Alexander Carlyle, minister of the Church of Scotland and author of the celebrated “Autobiography,” was born at Cummmertrees Manse, Dumfriesshire, on January 26, 1722, and died at Inveresk on August 25, 1805.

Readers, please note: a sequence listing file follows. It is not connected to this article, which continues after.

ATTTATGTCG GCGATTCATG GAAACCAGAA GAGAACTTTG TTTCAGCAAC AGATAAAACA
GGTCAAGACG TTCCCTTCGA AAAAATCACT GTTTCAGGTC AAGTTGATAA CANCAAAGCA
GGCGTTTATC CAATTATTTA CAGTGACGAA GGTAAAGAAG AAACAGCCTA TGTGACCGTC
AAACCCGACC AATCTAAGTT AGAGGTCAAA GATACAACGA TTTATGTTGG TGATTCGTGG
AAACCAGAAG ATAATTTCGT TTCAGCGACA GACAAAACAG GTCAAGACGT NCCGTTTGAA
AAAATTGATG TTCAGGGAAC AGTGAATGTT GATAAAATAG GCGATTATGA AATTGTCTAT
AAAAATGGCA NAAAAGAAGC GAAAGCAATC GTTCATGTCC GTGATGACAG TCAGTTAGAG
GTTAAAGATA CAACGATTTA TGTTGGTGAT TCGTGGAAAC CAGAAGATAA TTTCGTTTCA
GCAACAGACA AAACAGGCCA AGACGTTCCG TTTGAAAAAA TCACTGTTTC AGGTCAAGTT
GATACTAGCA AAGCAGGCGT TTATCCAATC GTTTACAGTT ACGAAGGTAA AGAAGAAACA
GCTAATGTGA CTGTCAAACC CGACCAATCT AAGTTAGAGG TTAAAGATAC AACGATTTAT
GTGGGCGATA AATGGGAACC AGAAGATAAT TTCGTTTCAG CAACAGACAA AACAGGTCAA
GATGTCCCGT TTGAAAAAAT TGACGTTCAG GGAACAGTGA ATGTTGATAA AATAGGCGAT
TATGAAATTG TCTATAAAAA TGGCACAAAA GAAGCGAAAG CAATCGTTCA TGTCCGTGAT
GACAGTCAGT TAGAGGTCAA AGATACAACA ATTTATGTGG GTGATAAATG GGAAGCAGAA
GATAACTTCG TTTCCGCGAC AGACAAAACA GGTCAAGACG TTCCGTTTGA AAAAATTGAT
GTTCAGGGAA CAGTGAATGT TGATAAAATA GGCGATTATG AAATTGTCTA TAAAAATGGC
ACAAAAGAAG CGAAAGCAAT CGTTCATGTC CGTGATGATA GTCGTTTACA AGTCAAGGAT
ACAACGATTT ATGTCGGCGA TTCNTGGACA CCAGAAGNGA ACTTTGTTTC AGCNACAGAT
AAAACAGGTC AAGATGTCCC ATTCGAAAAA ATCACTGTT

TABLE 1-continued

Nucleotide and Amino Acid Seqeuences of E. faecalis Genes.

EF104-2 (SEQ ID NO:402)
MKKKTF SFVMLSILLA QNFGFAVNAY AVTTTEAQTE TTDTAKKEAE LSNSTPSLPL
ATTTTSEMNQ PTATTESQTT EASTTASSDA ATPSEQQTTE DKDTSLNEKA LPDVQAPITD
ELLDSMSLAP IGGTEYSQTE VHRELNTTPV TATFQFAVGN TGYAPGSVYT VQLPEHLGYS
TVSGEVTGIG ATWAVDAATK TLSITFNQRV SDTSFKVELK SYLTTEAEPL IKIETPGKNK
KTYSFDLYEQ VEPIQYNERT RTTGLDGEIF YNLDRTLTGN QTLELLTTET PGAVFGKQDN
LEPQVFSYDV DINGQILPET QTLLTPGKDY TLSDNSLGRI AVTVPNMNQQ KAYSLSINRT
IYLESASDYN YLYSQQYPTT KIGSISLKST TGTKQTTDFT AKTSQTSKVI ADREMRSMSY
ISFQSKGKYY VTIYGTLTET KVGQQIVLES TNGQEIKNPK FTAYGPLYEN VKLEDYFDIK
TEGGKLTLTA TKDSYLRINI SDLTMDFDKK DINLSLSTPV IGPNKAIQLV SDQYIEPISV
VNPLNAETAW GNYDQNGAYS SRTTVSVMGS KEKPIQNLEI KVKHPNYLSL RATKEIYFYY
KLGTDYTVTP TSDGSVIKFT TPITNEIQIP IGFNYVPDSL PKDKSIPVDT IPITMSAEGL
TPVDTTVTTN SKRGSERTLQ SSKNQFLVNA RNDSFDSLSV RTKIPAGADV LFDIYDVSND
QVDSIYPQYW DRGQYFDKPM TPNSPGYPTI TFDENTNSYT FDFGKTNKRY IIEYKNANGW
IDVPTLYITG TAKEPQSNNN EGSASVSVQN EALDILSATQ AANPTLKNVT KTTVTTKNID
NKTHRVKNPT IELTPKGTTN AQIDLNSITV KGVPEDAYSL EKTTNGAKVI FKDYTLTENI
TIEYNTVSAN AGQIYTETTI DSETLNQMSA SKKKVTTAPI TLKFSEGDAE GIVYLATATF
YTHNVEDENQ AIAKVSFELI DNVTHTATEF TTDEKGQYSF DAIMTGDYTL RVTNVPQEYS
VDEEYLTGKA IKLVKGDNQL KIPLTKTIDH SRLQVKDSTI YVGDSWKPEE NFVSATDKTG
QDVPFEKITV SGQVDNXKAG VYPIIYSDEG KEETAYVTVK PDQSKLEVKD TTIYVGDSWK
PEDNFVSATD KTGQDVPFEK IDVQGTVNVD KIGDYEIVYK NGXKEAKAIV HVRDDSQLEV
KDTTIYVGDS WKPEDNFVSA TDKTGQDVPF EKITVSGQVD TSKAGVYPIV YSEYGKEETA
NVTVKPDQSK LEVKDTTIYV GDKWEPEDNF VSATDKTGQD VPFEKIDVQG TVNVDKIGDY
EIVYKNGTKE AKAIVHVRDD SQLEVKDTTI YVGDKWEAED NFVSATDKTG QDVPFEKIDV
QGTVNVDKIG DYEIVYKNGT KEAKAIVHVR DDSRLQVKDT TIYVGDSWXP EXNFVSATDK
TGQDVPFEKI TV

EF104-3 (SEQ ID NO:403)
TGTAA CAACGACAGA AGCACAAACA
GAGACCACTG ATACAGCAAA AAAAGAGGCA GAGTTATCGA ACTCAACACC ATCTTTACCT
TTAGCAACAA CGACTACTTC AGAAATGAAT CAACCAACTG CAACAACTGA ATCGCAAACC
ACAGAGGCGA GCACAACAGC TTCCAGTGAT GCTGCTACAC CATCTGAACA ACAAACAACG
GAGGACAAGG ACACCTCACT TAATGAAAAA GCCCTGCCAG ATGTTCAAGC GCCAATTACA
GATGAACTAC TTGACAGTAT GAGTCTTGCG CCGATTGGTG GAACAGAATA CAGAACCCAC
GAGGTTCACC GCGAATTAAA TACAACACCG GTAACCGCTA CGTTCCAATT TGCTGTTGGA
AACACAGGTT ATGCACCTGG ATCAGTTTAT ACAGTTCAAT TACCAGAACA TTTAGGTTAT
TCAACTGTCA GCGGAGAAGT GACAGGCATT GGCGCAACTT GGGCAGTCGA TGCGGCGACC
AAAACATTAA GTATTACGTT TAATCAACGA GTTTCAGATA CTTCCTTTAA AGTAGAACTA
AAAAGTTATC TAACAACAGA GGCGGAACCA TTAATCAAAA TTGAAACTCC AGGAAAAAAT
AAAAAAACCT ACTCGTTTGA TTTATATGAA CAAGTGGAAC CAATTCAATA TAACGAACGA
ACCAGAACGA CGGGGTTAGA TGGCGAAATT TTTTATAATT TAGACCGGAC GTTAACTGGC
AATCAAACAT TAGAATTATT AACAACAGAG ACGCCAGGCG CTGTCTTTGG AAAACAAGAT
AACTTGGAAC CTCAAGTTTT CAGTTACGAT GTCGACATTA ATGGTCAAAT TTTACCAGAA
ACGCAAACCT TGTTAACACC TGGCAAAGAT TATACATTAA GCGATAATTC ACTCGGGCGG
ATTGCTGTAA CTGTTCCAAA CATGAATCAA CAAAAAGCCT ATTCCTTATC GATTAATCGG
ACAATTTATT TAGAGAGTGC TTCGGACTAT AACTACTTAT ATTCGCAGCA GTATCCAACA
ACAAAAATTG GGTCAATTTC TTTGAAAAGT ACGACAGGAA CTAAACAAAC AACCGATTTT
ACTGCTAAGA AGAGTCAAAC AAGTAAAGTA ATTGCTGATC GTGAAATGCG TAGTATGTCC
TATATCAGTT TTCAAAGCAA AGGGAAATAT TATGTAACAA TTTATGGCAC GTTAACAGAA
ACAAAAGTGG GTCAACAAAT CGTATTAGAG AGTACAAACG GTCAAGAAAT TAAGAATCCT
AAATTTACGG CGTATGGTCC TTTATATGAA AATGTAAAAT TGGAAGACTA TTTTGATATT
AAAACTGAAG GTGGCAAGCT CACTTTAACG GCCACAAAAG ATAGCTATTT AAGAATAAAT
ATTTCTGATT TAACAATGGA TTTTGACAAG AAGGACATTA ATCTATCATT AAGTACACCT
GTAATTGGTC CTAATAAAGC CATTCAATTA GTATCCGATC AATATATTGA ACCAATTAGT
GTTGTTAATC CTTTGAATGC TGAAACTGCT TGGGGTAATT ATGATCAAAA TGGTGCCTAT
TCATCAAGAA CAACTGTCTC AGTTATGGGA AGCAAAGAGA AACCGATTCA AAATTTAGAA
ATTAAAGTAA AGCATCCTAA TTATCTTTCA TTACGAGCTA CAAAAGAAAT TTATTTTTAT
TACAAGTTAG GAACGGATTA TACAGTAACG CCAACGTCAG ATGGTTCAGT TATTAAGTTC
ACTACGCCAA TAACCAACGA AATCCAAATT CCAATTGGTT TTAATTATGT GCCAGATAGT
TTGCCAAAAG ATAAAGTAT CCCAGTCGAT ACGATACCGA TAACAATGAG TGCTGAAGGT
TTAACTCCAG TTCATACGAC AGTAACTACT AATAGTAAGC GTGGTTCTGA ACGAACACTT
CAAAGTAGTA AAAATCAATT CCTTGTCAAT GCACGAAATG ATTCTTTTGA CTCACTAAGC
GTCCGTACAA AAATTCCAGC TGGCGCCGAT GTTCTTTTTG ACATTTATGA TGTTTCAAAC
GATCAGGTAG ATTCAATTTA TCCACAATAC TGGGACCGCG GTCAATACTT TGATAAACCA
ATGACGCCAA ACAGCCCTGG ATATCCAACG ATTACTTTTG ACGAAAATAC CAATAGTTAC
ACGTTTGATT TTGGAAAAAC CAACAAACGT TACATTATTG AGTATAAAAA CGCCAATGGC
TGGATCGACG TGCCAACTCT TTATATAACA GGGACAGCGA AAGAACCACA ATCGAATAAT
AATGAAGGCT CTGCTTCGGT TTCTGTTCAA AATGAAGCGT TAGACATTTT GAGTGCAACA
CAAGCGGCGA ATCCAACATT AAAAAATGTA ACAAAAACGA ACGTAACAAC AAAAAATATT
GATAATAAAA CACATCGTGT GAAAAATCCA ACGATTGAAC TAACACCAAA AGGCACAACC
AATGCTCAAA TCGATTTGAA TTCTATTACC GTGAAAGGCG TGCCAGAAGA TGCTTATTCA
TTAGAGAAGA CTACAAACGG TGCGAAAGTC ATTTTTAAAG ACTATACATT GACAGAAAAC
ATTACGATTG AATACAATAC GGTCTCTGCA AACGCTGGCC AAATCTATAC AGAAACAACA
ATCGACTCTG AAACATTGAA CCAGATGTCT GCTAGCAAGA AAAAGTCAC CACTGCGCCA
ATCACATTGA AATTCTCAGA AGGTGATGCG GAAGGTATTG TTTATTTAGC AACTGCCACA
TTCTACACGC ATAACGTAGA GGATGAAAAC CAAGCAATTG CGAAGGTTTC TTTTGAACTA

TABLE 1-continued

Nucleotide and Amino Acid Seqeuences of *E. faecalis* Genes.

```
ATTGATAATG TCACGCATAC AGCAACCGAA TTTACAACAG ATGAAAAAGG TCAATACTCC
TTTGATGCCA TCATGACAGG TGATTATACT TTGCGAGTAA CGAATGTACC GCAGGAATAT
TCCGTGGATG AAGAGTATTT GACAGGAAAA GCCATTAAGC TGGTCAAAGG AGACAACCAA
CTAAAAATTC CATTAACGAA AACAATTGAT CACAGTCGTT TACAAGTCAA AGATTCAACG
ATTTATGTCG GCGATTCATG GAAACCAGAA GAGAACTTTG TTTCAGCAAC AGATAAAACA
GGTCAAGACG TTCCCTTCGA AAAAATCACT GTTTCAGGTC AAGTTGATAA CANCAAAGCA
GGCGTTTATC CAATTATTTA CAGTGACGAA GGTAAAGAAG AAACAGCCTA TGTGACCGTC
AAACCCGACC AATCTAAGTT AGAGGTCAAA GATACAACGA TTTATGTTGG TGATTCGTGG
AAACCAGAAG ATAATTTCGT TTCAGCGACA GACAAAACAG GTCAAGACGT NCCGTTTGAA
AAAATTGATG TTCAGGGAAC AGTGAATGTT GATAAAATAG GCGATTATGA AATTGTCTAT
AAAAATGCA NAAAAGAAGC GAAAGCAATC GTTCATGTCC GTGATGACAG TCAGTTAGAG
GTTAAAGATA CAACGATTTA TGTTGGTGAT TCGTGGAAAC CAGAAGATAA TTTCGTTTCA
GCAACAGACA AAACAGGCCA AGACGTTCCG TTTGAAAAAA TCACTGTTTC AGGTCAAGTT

His commanding appearance won for him the sobriquet of “Jupiter Carlyle,” and Sir Walter Scott spoke of him as “the grandest demi-god I ever saw.” He was greatly respected in Scotland as a wise and tolerant man, where too many were narrow, bitter, and inquisitorial. With regard to freedom in religious thought he was in advance of his time, and brought the clerical profession into greater respect by showing himself a cultured man of the world as well as a leader of his Church. Carlyle, however, would hardly be remembered now but for the glimpses which his book gives of contemporary persons and manners. The work was first edited in 1860 by John Hill Burton.